Philadelphia Eagles News

Quotes: Head Coach Chip Kelly

Did you have a chance to meet with T Lane Johnson, and what's the plan for him and the left guard position?

COACH KELLY: I saw Lane briefly this morning. He's got to meet with the training staff and all that and get cleared physically. We haven't talked about anything else after that.

RB LeSean McCoy talked last night and was asked if he was healthy, and he said it doesn't matter, which kind of opened the question up, "Is he healthy?"

COACH KELLY: Yeah, he's healthy.

Nothing is bothering him?

COACH KELLY: No, not that I'm aware of.

So his foot is not bothering him from the New England preseason game at all?

COACH KELLY: His what?

He hurt his foot in that game and there was talk that it might be a lingering thing and he said that it's not going to bother him.

COACH KELLY: No, I mean, he's not on the treatment list. He hasn't gotten any  he does normal maintenance like everybody else, but he hasn't had any injuries where we've done anything with him.

In Lane's case, what does he need to show you this week?

COACH KELLY: Just where he is. We haven't seen him for a month. He told me he was at API [Athletes' Performance Institute] in Dallas working out, and there were some other players there. You know, he looked good, so it's just the unknown. We haven't seen him in four weeks, so where is he at and what's his  how does he process things, how quickly does he get back into the swing of things, where is he from a health standpoint?

*In light of the issues on the offensive line, does McCoy need to sometimes take a little more  be satisfied with two or three yard gains as opposed to maybe trying to always *

COACH KELLY: Yeah, I think what happens when you have people out at certain positions, other guys maybe try to overcompensate at times. I think that's kind of the natural feeling for everybody.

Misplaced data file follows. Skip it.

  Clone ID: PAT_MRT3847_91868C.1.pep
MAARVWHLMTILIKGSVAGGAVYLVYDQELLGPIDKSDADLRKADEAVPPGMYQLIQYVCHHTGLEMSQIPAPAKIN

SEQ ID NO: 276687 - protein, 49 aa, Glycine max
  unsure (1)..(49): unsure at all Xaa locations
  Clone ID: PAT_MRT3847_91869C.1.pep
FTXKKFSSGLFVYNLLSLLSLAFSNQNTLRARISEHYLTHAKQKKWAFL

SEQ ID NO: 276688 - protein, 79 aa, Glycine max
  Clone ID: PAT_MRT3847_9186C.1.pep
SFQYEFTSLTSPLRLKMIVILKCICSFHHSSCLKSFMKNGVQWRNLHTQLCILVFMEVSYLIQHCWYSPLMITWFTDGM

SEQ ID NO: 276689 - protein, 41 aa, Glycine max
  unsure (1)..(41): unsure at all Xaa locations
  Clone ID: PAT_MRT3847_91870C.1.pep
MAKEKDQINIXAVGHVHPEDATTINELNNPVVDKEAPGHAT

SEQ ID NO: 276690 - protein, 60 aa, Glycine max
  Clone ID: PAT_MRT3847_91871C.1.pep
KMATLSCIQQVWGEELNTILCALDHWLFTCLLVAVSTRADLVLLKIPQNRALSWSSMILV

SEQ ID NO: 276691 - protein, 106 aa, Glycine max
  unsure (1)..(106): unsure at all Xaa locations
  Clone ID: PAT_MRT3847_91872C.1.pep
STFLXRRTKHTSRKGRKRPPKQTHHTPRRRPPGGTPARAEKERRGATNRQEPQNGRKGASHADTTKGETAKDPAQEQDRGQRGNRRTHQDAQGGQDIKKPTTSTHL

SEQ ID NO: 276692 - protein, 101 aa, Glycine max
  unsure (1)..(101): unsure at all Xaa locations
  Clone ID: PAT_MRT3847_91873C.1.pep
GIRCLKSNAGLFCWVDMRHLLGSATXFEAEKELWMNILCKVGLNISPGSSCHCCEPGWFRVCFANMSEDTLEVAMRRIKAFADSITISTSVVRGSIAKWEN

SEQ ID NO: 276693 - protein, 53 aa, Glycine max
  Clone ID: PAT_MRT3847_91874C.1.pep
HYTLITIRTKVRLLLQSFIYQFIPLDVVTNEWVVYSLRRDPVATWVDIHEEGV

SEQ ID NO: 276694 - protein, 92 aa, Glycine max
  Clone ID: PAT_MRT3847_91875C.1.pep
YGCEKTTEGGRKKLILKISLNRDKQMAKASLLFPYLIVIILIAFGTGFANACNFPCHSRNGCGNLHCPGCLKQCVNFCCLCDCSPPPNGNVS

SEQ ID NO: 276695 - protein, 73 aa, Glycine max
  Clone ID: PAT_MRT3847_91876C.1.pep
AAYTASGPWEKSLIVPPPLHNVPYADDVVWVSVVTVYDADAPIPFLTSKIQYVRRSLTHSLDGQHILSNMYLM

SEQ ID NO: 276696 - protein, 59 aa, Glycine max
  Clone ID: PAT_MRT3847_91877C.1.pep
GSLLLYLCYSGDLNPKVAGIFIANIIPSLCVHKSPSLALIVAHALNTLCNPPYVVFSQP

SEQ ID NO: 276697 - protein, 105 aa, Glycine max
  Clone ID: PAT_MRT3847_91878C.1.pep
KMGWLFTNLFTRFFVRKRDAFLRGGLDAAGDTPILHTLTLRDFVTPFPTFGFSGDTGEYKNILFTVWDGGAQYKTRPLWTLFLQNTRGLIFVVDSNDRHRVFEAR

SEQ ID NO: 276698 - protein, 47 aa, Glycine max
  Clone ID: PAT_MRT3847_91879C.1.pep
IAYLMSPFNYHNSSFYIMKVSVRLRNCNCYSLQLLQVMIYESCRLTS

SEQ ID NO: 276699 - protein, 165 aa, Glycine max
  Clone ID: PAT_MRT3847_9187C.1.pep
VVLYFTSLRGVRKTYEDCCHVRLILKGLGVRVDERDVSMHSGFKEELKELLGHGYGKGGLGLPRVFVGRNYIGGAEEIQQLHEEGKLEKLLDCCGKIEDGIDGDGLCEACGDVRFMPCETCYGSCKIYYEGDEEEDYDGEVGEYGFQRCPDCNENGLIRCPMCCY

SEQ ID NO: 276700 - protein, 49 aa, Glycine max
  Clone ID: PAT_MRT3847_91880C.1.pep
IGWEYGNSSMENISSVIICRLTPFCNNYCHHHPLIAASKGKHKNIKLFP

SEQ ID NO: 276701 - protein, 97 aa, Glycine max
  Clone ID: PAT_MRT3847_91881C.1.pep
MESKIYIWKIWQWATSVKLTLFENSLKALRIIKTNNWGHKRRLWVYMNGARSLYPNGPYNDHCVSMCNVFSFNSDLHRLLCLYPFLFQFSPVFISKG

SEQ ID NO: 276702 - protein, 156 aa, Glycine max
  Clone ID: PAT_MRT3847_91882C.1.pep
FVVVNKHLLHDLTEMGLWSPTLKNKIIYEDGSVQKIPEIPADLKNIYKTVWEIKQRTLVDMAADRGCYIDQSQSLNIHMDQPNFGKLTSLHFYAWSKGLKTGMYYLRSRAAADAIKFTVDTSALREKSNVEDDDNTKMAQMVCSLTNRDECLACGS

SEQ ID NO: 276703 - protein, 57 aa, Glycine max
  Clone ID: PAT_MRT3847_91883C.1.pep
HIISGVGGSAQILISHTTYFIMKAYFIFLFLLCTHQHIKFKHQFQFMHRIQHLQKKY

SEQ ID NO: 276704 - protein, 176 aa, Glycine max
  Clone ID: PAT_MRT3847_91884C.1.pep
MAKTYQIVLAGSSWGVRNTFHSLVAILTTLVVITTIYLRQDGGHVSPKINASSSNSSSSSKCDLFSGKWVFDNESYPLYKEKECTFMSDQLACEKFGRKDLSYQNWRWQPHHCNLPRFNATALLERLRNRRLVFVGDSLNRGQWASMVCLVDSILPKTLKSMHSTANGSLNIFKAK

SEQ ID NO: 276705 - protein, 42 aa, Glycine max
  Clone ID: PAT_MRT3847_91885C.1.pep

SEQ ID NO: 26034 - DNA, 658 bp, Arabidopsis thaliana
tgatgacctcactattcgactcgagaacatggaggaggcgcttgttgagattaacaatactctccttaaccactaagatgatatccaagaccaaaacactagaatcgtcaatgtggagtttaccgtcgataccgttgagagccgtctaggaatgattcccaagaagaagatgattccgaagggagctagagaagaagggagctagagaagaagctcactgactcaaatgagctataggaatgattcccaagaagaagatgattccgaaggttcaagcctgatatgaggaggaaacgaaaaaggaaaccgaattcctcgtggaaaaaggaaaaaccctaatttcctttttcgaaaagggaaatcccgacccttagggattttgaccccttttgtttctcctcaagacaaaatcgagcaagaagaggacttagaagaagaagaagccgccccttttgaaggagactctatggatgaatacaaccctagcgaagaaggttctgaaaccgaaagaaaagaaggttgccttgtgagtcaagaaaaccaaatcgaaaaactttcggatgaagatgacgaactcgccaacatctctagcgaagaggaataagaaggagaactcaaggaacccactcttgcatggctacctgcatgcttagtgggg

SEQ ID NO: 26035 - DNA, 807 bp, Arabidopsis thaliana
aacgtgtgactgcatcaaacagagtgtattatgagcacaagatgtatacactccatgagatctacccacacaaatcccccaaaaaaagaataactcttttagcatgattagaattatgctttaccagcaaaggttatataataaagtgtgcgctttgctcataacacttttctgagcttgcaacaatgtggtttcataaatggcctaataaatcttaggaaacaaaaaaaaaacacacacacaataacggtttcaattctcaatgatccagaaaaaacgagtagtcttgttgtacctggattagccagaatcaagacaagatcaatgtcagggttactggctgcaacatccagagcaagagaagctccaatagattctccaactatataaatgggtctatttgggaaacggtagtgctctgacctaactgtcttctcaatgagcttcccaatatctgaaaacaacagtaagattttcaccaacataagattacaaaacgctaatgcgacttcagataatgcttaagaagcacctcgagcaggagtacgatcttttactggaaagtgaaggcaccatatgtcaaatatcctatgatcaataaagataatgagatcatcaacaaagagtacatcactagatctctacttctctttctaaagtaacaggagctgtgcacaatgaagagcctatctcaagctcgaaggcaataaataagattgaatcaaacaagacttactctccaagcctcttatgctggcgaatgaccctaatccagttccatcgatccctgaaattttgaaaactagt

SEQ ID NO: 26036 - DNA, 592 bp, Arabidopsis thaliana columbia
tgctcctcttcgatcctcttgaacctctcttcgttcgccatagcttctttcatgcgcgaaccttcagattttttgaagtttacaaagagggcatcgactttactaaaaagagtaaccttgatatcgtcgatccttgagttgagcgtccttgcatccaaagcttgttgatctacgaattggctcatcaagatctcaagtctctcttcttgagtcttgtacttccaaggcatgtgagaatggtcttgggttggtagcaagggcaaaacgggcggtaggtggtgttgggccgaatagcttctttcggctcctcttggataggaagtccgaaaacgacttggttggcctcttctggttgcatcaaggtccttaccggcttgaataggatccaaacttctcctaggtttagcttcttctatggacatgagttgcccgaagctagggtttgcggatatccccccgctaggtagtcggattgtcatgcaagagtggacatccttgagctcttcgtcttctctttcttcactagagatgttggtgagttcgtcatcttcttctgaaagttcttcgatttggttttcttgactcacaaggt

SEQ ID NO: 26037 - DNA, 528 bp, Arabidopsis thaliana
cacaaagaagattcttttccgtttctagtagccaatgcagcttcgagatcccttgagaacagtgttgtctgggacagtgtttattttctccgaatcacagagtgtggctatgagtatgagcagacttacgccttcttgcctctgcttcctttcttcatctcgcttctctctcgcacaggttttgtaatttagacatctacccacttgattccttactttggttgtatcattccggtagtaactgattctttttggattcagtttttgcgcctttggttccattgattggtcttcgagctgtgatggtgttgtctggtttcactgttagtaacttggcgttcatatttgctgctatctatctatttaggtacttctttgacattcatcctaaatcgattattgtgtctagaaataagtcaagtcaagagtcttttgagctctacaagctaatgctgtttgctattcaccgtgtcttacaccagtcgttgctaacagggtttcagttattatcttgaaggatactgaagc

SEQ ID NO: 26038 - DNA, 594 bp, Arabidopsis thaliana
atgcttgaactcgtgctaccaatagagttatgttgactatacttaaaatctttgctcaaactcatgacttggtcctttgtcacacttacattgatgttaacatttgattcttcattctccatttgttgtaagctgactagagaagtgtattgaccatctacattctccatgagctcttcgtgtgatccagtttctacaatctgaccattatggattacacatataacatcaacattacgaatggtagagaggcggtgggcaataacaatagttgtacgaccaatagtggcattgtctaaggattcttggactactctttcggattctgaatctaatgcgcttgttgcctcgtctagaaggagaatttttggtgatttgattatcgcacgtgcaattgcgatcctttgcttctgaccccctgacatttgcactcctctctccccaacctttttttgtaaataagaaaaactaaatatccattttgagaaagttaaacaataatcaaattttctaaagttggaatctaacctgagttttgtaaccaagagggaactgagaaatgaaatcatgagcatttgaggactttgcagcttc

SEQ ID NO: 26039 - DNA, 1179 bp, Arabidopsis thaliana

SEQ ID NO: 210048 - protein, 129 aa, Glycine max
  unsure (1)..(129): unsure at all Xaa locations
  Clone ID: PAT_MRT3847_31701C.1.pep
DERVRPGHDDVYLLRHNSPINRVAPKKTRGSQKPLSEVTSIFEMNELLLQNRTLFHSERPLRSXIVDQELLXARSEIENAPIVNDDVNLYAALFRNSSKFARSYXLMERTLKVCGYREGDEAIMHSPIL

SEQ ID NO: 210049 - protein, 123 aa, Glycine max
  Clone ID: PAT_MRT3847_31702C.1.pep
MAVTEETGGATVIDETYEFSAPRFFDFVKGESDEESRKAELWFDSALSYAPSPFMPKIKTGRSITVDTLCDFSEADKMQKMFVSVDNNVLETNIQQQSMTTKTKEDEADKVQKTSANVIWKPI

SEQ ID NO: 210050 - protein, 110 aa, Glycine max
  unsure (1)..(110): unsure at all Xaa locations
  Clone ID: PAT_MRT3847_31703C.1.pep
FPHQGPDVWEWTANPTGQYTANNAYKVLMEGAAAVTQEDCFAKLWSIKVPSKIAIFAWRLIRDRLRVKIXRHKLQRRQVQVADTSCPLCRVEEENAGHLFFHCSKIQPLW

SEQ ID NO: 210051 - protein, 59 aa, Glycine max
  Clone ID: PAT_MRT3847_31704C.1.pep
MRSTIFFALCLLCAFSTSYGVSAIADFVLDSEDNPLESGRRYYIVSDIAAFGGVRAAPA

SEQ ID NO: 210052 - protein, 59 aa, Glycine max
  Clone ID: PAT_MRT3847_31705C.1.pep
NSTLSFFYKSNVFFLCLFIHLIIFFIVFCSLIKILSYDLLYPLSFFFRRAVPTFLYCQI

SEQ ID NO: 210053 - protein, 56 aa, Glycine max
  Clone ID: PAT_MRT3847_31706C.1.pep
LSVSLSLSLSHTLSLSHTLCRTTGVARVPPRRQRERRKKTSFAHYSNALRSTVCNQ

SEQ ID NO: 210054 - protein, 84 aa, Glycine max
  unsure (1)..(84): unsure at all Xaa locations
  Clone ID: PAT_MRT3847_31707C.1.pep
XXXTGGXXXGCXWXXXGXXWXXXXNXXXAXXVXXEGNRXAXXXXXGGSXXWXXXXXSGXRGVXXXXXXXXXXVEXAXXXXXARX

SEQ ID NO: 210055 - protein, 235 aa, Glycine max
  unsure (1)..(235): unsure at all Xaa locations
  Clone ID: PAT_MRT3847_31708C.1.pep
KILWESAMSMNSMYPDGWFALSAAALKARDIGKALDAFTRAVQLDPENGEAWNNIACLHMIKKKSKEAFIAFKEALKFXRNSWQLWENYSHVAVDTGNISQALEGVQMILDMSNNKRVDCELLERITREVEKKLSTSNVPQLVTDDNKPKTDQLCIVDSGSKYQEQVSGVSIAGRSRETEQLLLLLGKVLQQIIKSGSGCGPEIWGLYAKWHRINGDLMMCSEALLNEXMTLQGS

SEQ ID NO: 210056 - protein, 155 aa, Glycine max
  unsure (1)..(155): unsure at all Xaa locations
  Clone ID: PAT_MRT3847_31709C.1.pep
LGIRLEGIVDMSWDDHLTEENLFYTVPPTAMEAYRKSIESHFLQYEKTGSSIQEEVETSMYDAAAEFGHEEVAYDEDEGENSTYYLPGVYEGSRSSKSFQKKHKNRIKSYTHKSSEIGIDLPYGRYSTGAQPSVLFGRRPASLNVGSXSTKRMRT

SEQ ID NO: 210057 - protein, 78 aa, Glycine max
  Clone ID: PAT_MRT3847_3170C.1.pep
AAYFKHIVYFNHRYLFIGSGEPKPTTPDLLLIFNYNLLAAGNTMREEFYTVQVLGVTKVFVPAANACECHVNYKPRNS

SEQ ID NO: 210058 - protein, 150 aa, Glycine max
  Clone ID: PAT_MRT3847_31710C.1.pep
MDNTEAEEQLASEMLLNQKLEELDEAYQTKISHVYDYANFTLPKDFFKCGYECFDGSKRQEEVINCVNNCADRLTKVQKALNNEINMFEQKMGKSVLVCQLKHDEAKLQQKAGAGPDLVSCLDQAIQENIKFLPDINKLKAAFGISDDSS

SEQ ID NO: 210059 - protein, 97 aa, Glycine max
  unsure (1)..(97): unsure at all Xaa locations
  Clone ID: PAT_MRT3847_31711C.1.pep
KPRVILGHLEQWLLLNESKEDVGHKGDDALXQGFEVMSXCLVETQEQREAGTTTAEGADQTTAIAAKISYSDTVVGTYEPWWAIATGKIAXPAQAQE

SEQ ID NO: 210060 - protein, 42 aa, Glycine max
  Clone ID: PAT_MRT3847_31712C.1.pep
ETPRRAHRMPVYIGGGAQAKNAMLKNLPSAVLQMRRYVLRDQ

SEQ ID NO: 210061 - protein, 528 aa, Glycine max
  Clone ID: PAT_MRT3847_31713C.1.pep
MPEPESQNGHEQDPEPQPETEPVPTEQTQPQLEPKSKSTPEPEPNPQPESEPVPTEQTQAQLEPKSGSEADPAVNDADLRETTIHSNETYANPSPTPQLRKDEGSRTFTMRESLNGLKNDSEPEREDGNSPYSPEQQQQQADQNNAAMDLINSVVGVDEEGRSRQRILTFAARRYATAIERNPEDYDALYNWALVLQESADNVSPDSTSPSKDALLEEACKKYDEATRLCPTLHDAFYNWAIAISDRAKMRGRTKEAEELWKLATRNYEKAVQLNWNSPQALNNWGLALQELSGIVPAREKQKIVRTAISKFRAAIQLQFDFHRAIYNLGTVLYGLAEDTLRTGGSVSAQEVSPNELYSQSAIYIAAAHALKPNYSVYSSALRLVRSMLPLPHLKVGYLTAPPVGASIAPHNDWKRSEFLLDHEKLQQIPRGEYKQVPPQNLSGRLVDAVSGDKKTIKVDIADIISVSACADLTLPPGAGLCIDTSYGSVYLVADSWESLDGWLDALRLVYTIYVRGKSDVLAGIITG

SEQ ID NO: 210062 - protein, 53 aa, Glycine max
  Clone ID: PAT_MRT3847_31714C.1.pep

But I think, and I said it yesterday, it's the same thing, we need to do a better job in the passing game. All of it kind of goes hand in hand, and certainly the biggest thing that comes up when you look at our game on Sunday was the turnovers. We get in the  we're in decent shape in the third quarter there, and then all of a sudden we have two two and outs where we get a good gain on first down, we're second-and-6, we throw a flat ball out to [TE] Zach [Ertz], we get a fumble, they get the ball back. Next time we throw a quick screen to [WR] Riley [Cooper], he gains 8 yards and it's second-and-2 and then we throw a pick down the field. I just think we're  because everybody is aware of what's gone on, that I think some people are pressing and trying to make things out of something that isn't there right now at every position. I think everybody has just got to kind of settle down and go back to playing football.

What did you see on that interception you just mentioned? Should [QB Nick Foles] have gotten rid of the ball earlier?

COACH KELLY: He got hit late. I think he was trying to go deep over the top to Mac [WR Jeremy Maclin], and it's one of those [situations], it's second-and-2. It looked like they were covering, maybe just tuck it and see if you can get the first down yourself and then put us in a workable situation, but obviously we don't want to put the ball up in harm's way.